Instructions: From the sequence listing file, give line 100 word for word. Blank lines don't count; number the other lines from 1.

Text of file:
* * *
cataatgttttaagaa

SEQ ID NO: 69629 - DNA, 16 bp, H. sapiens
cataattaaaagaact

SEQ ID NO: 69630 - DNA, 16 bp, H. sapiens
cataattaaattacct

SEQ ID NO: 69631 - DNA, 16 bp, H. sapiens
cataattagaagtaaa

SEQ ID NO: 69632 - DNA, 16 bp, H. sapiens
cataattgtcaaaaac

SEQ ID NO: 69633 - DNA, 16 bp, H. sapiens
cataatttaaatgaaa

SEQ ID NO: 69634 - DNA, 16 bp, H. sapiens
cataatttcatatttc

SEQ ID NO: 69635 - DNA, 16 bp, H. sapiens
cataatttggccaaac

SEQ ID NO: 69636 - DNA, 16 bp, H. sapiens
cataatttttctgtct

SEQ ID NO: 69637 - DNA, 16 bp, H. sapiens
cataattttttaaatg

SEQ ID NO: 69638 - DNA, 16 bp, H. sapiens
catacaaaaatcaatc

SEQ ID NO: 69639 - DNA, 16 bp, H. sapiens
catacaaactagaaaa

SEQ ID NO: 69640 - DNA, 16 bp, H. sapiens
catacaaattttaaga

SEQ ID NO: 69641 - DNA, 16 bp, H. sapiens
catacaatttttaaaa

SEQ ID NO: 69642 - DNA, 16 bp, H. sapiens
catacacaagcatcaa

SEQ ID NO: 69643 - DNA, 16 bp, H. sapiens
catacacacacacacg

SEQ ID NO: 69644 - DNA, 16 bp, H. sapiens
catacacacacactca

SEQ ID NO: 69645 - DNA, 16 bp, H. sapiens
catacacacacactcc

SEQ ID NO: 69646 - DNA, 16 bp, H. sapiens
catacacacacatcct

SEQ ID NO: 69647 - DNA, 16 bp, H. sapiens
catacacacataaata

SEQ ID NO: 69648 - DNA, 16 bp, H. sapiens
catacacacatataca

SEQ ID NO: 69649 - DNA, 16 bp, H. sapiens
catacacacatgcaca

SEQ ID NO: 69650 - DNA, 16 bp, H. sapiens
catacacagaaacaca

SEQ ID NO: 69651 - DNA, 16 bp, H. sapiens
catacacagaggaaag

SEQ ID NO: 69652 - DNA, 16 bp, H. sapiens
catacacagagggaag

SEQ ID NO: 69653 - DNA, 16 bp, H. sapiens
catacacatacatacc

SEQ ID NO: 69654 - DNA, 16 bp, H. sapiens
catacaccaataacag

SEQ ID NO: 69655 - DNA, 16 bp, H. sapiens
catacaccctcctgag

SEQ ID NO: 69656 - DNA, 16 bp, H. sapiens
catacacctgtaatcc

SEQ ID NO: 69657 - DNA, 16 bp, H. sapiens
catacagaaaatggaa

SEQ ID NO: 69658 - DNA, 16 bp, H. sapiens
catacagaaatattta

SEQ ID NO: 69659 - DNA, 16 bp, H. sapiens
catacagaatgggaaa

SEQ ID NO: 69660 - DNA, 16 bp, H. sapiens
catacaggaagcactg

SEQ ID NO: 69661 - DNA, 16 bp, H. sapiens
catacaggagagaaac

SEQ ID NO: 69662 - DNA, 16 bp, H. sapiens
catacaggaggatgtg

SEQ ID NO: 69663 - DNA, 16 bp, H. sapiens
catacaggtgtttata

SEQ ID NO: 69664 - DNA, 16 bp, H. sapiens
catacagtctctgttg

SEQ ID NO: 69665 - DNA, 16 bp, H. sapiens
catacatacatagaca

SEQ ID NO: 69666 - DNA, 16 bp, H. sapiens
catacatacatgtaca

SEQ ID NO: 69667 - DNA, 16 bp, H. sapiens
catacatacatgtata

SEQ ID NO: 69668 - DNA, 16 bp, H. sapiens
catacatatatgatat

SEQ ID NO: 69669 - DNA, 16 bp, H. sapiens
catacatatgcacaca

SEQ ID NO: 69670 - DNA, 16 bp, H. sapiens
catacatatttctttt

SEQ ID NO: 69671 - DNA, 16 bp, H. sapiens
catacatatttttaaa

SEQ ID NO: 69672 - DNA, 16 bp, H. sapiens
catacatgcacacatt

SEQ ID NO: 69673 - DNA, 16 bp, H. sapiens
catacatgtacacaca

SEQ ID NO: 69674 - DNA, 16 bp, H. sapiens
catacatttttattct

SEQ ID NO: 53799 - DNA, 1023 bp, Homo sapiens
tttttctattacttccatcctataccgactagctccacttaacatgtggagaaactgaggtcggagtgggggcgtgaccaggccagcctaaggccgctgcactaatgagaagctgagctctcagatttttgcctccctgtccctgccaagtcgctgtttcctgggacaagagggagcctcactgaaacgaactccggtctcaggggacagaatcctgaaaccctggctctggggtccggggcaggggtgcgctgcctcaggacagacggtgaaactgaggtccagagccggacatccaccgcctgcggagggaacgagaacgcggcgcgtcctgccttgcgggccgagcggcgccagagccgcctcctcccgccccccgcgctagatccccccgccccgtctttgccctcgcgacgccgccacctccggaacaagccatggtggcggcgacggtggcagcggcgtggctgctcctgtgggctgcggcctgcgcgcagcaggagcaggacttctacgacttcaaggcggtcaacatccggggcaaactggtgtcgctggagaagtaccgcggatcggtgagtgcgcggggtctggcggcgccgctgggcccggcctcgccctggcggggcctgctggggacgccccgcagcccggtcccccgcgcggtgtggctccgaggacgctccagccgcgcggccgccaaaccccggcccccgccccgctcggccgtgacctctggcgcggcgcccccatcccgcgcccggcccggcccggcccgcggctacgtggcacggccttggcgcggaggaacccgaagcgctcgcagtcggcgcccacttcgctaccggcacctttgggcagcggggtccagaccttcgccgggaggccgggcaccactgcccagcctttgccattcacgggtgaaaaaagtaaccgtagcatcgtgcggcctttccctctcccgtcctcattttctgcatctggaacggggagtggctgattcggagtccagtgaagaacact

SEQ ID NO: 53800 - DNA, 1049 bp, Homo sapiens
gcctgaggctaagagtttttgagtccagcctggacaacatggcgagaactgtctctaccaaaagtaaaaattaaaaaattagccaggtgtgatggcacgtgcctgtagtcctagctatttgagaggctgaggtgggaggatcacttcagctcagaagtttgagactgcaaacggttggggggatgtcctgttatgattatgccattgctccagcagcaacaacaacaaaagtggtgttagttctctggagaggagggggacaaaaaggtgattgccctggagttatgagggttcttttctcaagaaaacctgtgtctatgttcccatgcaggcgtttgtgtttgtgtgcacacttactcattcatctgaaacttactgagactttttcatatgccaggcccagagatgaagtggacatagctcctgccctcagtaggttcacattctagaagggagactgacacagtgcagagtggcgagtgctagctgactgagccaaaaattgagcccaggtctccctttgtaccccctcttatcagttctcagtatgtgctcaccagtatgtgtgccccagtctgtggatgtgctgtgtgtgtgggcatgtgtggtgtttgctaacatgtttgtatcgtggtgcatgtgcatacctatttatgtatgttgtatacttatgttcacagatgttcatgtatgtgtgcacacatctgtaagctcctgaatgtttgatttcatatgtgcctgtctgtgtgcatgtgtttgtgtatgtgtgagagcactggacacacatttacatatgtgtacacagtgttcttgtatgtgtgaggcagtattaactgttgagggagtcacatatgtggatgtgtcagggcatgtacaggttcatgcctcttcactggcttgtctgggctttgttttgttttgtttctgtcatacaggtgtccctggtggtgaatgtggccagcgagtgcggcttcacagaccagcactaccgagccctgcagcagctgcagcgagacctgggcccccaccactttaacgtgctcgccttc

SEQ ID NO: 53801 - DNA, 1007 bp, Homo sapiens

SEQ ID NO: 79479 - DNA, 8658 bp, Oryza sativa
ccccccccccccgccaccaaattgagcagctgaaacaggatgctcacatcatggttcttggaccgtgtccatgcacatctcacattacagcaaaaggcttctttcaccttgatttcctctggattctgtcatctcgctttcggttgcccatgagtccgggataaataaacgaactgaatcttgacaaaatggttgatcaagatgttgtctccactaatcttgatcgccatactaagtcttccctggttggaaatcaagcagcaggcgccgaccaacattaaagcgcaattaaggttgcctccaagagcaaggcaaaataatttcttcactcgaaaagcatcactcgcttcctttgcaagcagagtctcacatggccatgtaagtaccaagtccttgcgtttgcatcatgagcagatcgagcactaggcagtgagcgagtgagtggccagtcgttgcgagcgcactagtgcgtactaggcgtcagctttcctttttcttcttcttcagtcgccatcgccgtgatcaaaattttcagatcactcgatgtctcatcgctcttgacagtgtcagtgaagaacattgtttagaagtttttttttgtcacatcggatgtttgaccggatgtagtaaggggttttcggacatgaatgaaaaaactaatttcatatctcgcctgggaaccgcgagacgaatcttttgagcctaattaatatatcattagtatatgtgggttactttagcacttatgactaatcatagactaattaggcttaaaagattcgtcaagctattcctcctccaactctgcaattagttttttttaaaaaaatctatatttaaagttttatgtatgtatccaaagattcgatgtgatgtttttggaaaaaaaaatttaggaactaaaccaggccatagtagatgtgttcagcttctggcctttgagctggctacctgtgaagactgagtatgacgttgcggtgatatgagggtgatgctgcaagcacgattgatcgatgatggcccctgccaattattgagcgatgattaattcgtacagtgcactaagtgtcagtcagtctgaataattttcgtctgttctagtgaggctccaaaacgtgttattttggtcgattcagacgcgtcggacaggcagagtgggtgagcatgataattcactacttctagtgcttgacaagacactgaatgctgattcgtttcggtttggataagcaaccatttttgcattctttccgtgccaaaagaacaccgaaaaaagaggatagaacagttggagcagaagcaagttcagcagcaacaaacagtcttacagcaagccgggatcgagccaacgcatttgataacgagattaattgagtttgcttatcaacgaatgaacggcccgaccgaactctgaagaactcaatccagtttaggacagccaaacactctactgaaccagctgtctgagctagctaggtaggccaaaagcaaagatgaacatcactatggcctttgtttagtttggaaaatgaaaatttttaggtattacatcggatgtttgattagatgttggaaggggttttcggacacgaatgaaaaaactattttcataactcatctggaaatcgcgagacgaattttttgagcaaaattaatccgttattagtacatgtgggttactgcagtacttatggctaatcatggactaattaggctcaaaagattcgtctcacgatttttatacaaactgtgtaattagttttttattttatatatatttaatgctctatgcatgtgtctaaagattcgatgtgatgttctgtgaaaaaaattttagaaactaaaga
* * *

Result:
ccccccccccccgccaccaaattgagcagctgaaacaggatgctcacatcatggttcttggaccgtgtccatgcacatctcacattacagcaaaaggcttctttcaccttgatttcctctggattctgtcatctcgctttcggttgcccatgagtccgggataaataaacgaactgaatcttgacaaaatggttgatcaagatgttgtctccactaatcttgatcgccatactaagtcttccctggttggaaatcaagcagcaggcgccgaccaacattaaagcgcaattaaggttgcctccaagagcaaggcaaaataatttcttcactcgaaaagcatcactcgcttcctttgcaagcagagtctcacatggccatgtaagtaccaagtccttgcgtttgcatcatgagcagatcgagcactaggcagtgagcgagtgagtggccagtcgttgcgagcgcactagtgcgtactaggcgtcagctttcctttttcttcttcttcagtcgccatcgccgtgatcaaaattttcagatcactcgatgtctcatcgctcttgacagtgtcagtgaagaacattgtttagaagtttttttttgtcacatcggatgtttgaccggatgtagtaaggggttttcggacatgaatgaaaaaactaatttcatatctcgcctgggaaccgcgagacgaatcttttgagcctaattaatatatcattagtatatgtgggttactttagcacttatgactaatcatagactaattaggcttaaaagattcgtcaagctattcctcctccaactctgcaattagttttttttaaaaaaatctatatttaaagttttatgtatgtatccaaagattcgatgtgatgtttttggaaaaaaaaatttaggaactaaaccaggccatagtagatgtgttcagcttctggcctttgagctggctacctgtgaagactgagtatgacgttgcggtgatatgagggtgatgctgcaagcacgattgatcgatgatggcccctgccaattattgagcgatgattaattcgtacagtgcactaagtgtcagtcagtctgaataattttcgtctgttctagtgaggctccaaaacgtgttattttggtcgattcagacgcgtcggacaggcagagtgggtgagcatgataattcactacttctagtgcttgacaagacactgaatgctgattcgtttcggtttggataagcaaccatttttgcattctttccgtgccaaaagaacaccgaaaaaagaggatagaacagttggagcagaagcaagttcagcagcaacaaacagtcttacagcaagccgggatcgagccaacgcatttgataacgagattaattgagtttgcttatcaacgaatgaacggcccgaccgaactctgaagaactcaatccagtttaggacagccaaacactctactgaaccagctgtctgagctagctaggtaggccaaaagcaaagatgaacatcactatggcctttgtttagtttggaaaatgaaaatttttaggtattacatcggatgtttgattagatgttggaaggggttttcggacacgaatgaaaaaactattttcataactcatctggaaatcgcgagacgaattttttgagcaaaattaatccgttattagtacatgtgggttactgcagtacttatggctaatcatggactaattaggctcaaaagattcgtctcacgatttttatacaaactgtgtaattagttttttattttatatatatttaatgctctatgcatgtgtctaaagattcgatgtgatgttctgtgaaaaaaattttagaaactaaaga